Teaching and learning is at the base of what it means to be a part of the Urban Technology Project, and today the Digital Service Fellows had the chance to do both.
Awake early, the UTP team drove out to Harrisburg to serve in the Harrisburg school district and perform an Hour of Code at it’s Math Science Academy. The team formed two groups and led a lesson titled, “Lost in Space” in two 8th grade classrooms. They introduced themselves to the students and talked about what coding is, how computers can be used for a multitude of purposes and how computers need to be told what to do. This is the job of programmers, to create commands for computers to execute.
Dylan, Shevar and Kenny explained different examples for what coding can be used for: functions in videogames, cheat codes, building websites, managing data and much more. Gabby discussed the growing field of computer science and the opportunities that are available for young people who choose to learn programming languages. After the introduction, the students jumped into the activity and began coding.
The DSFs circulated throughout the classroom answering questions, giving advice and problem-solving with the students. The activity engaged the 8th graders and pushed some to compete with each other and code faster than their classmates. Some finished the lesson in less than an hour.
We thank the Harrisburg school district for inviting us into their classrooms and giving us the opportunity to start a relationship that we hope to continue based around technology, computer science and service learning.
After finishing up and saying goodbye to Math Science Academy we headed over to Strawberry Square in downtown Harrisburg and took lunch. Our stomachs full, we were ready to move on and learn about a young, innovative institution. Conveniently located next store, we walked to Harrisburg University and were greeted by Jankail and Jaison from the admissions office. Our tour guide, Jankail showed us upstairs to the executive conference room where we were greeted by Dr. Eric Darr, President of the University, Provost Dr. Bili Mattes, Steven Infanti, head of admissions, and professor Charles Palmer. Dr. Darr gave a brief history of the young institution and its educational and organizational philosophy. Founded in 2001, HU was the first university to be created in Pennsylvania in over 100 years (Carnegie Technical school, now Carnegie Mellon University, was the last). Harrisburg University has grown since its inception and currently enrolls over 400 degree-seeking students and over 400 non-degree students taking classes. Dr. Darr explained that because the university is still a small institution, it is flexible and can make changes more quickly, unlike larger institutions. The focus of HU is the student’s experience.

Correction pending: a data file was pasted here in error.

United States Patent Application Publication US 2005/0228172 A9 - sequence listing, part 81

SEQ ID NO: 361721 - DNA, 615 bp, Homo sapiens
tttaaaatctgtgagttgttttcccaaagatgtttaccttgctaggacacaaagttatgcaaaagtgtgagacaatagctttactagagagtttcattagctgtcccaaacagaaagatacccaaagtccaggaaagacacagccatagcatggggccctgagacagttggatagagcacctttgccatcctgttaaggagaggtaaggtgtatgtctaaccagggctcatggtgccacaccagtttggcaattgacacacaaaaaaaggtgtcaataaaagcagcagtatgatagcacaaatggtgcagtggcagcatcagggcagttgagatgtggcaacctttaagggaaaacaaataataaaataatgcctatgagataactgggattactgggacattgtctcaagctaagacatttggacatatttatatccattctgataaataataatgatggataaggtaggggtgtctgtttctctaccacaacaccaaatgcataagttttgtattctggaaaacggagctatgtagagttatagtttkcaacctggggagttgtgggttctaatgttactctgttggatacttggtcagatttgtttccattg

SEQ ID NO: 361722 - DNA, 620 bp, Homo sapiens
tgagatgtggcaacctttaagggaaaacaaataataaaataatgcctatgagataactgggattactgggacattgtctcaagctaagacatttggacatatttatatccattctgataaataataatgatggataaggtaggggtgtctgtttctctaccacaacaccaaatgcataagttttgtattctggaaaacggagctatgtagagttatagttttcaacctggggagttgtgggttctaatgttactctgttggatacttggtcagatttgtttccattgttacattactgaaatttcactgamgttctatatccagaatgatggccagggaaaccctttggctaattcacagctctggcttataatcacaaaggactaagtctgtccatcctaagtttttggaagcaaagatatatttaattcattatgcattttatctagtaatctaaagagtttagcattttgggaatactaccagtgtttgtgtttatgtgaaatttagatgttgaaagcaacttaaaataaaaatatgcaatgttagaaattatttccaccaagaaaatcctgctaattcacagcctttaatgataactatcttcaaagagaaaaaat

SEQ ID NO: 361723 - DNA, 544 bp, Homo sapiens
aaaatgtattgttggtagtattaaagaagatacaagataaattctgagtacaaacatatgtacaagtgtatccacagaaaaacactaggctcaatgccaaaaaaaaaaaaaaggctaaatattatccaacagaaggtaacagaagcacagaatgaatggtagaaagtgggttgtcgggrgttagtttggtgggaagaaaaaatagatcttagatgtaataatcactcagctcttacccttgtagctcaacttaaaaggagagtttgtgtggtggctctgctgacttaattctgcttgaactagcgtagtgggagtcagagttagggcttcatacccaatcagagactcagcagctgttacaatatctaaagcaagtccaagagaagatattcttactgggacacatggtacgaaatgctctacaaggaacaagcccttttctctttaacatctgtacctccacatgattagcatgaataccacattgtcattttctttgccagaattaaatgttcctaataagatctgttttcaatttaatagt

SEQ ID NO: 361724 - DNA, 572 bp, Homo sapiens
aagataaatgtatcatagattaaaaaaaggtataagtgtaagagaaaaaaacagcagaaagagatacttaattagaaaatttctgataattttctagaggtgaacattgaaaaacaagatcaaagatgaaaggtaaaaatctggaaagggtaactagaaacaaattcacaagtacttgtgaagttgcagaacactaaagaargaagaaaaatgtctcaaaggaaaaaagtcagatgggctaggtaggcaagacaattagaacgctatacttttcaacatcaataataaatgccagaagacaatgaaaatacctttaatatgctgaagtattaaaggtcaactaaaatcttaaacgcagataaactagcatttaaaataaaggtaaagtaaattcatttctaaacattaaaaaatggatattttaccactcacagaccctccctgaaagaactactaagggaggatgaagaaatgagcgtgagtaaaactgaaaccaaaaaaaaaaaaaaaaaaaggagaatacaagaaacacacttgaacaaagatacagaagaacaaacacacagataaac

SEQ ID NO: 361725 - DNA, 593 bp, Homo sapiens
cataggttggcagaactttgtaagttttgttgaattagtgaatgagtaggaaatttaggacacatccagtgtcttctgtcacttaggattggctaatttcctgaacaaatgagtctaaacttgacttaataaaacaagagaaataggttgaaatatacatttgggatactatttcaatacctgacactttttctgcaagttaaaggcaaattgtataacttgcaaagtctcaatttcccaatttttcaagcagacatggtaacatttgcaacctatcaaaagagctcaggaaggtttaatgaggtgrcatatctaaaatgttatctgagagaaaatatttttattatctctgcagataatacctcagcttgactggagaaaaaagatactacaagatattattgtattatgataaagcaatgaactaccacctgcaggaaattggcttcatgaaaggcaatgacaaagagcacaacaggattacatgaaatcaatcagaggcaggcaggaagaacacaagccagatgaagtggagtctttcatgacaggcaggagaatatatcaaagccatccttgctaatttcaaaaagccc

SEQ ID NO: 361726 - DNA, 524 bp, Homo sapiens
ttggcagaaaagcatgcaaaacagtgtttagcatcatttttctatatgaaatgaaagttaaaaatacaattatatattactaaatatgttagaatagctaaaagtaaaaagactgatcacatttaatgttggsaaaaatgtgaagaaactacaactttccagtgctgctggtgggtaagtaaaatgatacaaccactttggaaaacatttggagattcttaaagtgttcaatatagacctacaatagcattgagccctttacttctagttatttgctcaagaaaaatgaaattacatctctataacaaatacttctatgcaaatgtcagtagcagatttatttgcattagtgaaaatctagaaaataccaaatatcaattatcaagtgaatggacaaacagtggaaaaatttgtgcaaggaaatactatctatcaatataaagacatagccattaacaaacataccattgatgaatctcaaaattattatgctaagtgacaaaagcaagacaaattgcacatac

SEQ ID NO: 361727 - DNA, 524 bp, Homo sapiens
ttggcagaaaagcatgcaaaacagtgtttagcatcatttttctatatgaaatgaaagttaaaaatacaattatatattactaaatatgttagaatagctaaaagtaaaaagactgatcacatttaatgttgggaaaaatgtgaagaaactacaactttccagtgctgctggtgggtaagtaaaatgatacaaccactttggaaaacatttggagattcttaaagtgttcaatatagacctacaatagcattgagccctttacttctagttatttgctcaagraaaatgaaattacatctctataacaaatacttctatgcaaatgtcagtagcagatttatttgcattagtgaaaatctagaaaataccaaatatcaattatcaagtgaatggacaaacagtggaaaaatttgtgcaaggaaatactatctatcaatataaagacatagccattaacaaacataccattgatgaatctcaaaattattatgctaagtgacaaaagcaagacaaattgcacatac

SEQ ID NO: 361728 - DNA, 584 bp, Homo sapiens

On our tour we saw a number of projects that HU students are working on, and the resources that are available to them. The campus is vertical, located in one building and offers premier facilities. The classrooms have many technical capabilities including worktables that have laptop connectors, so the professor can project what’s on any laptop screen that is connected to the front of the classroom at any time. Also, cameras are located in most classrooms, so if a student is sick or on a trip and can’t make it, he/she can see a live video stream of the lesson.
We talked to a geospatial technology professor who told us about an ongoing project to scan hundreds of historical maps and locate coal mines throughout Pennsylvania. As he was speaking, two students were sliding a map in between large plastic sheets and guiding it through a scanner – this was a paid student job, $14 an hour – not so bad.
We also stopped in a lab used for environmental science and forensics and in the classroom there were many different living animals, insects in boxes and plastic containers as well as deceased specimens in glass jars. Among the living were: a bearded dragon, flesh-eating beetles (yes, you heard me right, flesh-eating!), spiders, and other creepy crawly critters.
Our second to last stop was with interactive media professor Charlie Palmer. He showed us one of HU’s many cool toys. Imagine a huge hamster ball, constructed with a beehive design, made out of plastic. This was the virtusphere, meant for people to design, test, and experience virtual reality. Ahmeer and Tyree had the chance to put on the virtual reality headset and jump in the giant hamster ball. Inside there was a moveable handrail that helped whoever was inside to walk- The virtusphere rolls in place and allows people to move around the virtual world without actually going anywhere – for game and virtual design it also helps measure X and Z variables, but not Y. Everyone who was watching could see a screen that displayed what the person inside the ball was seeing, and how they were moving around.
Finally, we saw one of the dorms, met some students and the resident life coordinator, and then had to get ready to head back to Philadelphia.
The Digital Service Fellows were pumped from the tour and many have already began to apply to receive more information. Over all, a great day!
The lesson can be found on Tynker’s website. Tynker is an educational online tool to teach computational thinking and introductory code to students of all ages. The lesson can also be found on the Computer Science Education Week’s website.